In high school, I was diagnosed with depression and ADHD. It wasn’t necessarily a liberating diagnosis at the time. I knew it meant certain accommodations for me, like receiving extended time to take my SAT. I knew it meant that I peeled left to go to the nurse’s office at the start of lunch, while my friends peeled right to go to the cafeteria; I had to take my Ritalin dose. But my diagnosis didn’t launch me into a space of self-discovery or exploration. I made it through my teen years and my twenties without much work on my relationship with myself. Frankly, I think I was barely aware that a relationship with myself existed to be worked on. Besides, emotions weren’t a topic of conversation in my family. They never served as the foundation for how we got to know each other or how we shared our selves.
Broader society certainly wasn’t encouraging men to speak up about emotions, either. In fact, in 2019 the National Institute of Mental Health reported that men are far less likely than women to seek help for mental health ailments due to social norms, reluctance to talk, and downplaying symptoms.
In my early 20s, when I sold my first company, I thought euphoria, or at least a life of easy contentment, would be waiting for me on the other side of that accomplishment. When the deal closed and months later I didn’t feel much different, despite a different balance in my bank account, I began to see that the work was never external. What I needed would involve going inside. What I needed, in part, was therapy.
And, that’s something I’ve said to myself at several different points now in the past decade.
This isn’t always an easy admission to make — but when the recognition comes, now I heed it. I know it’s time to seek a therapist when I catch myself thinking, “I’m not getting anywhere trying to process this alone.” Other times, it’s because I know that I’m not bouncing back in the ways I have before. Or, when I see that I’m repeatedly burdening my girlfriend, my family, or my co-founders, I know it’s time.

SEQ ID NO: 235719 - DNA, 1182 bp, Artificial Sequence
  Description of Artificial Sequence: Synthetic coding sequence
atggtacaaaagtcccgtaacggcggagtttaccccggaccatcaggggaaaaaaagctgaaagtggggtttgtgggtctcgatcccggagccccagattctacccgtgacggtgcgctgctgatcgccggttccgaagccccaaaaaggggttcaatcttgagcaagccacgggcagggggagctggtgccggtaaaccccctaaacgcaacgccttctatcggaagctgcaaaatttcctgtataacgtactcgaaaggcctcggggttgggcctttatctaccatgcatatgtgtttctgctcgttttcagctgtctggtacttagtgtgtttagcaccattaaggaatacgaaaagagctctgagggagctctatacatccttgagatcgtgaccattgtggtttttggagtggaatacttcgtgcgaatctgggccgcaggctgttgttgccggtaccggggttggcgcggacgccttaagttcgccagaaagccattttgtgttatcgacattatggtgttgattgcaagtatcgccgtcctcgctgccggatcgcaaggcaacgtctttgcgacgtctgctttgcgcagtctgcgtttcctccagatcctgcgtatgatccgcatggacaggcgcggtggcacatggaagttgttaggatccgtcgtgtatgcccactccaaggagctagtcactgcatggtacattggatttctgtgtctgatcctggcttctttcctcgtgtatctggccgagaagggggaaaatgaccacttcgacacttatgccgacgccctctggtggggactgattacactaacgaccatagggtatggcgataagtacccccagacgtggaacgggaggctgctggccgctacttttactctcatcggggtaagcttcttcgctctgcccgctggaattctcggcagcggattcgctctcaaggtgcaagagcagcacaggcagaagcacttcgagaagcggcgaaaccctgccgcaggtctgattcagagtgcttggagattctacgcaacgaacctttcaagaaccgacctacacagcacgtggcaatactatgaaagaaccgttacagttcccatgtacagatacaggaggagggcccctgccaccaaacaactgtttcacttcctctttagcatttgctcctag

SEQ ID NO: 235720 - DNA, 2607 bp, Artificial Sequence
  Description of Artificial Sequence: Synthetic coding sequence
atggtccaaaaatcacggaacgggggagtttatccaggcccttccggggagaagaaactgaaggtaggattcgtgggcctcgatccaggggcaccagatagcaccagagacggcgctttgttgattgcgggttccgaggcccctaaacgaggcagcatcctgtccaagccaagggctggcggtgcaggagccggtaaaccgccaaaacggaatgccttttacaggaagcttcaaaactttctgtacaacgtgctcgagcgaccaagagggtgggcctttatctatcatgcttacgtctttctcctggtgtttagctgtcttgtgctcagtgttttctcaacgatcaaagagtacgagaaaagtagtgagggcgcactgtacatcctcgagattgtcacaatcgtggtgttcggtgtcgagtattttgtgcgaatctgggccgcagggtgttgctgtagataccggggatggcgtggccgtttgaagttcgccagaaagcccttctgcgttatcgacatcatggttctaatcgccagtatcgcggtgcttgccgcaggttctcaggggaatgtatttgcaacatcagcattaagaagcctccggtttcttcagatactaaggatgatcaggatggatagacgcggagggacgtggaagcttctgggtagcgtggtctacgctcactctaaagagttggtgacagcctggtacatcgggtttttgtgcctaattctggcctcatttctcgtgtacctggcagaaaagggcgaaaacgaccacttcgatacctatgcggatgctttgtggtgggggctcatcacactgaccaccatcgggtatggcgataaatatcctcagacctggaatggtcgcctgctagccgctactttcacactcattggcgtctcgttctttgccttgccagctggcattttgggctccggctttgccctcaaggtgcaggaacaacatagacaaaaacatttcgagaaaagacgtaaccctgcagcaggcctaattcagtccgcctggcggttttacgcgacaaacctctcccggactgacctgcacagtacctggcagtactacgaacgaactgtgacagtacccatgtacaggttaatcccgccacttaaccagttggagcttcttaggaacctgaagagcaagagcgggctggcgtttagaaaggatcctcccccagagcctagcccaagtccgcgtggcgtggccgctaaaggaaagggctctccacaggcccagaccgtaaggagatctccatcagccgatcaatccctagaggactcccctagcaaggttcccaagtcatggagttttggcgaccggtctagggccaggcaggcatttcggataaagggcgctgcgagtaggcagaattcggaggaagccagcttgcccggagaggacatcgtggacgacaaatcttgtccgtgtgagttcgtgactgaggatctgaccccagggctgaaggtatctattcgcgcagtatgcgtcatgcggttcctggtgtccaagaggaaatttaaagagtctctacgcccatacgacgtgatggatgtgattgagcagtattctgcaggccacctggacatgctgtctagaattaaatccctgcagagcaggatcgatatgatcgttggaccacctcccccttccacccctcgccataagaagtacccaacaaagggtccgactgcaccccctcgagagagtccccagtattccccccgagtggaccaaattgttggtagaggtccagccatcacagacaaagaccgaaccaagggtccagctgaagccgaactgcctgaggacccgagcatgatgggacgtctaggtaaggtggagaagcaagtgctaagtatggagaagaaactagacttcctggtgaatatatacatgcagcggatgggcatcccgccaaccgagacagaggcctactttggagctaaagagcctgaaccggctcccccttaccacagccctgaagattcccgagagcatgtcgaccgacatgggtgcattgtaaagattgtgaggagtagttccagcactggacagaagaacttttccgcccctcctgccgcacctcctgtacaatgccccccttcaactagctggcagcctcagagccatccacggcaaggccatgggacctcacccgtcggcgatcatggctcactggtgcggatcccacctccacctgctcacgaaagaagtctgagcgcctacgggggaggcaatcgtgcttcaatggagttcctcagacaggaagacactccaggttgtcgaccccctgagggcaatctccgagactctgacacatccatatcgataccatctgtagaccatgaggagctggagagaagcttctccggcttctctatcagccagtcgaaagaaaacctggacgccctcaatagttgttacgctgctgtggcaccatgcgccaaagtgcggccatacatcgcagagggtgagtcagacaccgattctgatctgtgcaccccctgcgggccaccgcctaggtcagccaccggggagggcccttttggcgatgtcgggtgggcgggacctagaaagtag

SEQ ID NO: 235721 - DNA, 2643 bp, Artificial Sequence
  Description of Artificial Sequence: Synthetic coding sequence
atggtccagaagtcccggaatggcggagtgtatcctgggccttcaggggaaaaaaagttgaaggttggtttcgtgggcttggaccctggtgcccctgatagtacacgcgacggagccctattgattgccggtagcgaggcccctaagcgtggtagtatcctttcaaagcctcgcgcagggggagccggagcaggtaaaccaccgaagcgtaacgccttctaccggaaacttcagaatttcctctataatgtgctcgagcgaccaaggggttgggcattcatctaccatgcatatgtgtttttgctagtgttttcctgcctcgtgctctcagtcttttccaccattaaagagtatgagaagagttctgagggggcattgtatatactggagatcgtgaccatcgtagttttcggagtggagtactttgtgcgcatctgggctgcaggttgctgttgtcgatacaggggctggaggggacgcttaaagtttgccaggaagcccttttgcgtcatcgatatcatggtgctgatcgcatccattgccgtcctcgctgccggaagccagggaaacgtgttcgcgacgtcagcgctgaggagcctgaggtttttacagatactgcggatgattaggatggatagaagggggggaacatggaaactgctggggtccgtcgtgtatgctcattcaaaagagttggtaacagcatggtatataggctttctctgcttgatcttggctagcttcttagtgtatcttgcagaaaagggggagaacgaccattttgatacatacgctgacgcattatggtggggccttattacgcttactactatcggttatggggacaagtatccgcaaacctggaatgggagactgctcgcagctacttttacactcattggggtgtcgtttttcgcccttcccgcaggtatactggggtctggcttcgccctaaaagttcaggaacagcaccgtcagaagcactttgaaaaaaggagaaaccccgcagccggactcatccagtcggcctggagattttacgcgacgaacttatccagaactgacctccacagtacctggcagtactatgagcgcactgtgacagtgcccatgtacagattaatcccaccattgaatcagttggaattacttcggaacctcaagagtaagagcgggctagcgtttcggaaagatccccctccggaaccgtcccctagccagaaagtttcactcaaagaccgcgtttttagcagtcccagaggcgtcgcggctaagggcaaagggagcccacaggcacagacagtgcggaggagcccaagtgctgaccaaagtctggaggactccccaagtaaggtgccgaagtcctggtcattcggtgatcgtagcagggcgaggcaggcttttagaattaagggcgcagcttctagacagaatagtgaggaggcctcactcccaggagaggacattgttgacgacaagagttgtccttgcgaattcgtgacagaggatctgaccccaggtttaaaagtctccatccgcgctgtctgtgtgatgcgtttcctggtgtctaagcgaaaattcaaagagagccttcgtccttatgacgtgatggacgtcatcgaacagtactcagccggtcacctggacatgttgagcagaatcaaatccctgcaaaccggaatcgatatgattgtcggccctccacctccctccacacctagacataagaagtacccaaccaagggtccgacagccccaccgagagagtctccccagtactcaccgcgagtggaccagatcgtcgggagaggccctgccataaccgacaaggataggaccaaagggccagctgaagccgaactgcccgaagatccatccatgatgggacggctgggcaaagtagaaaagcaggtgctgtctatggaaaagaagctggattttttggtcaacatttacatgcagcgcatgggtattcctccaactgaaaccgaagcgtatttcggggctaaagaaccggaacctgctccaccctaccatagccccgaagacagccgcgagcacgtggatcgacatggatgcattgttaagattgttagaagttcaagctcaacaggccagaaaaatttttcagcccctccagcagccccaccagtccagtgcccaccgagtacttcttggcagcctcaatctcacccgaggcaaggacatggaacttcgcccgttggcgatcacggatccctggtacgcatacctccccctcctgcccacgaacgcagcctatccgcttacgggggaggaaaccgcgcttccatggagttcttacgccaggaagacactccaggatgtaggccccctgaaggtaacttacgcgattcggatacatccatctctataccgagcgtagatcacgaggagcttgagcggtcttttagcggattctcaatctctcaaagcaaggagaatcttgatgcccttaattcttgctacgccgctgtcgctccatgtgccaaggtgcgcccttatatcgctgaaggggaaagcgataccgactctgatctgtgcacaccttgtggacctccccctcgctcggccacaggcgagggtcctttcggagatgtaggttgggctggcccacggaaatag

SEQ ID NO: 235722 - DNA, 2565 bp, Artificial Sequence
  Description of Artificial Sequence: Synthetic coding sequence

I have started to recognize that curve balls can be thrown at any time, but when I start to sweat the small stuff, it can be frustrating for people around me. By repeated burdening, I am referring to when I get frustrated easily over, let's say, leaving the dishes in the sink. In my opinion, it rarely is the dishes that are frustrating me, but something else that is underlying. Why am I frustrated about the dishes? Is it really the dishes? Being able to take a step back and recognize that there is something bigger that is underlying causing frustration: "Oh wow, I just got really frustrated over the dishes, going to take a mental note here that there could be something else driving that frustration." Just a quick mental note goes a long way in recognizing and building a better relationship with yourself.
So, I’ve been to multiple therapists over the past decade. Not every therapist has felt like a fit. I’ve learned that I don’t like the kind who sit back and allow me to be the only one speaking; I need my therapist to be a bit more of a motivator. It can take time to find the right therapist. But, in general, I’ve become grateful for the opportunity to talk to someone who holds a neutral, unbiased perspective. I can’t “tee up” my therapist to take my side the way I can during a phone call to my mom. On the other hand, I can be remarkably honest with my therapist in ways that I can’t be with my brother or my best friend.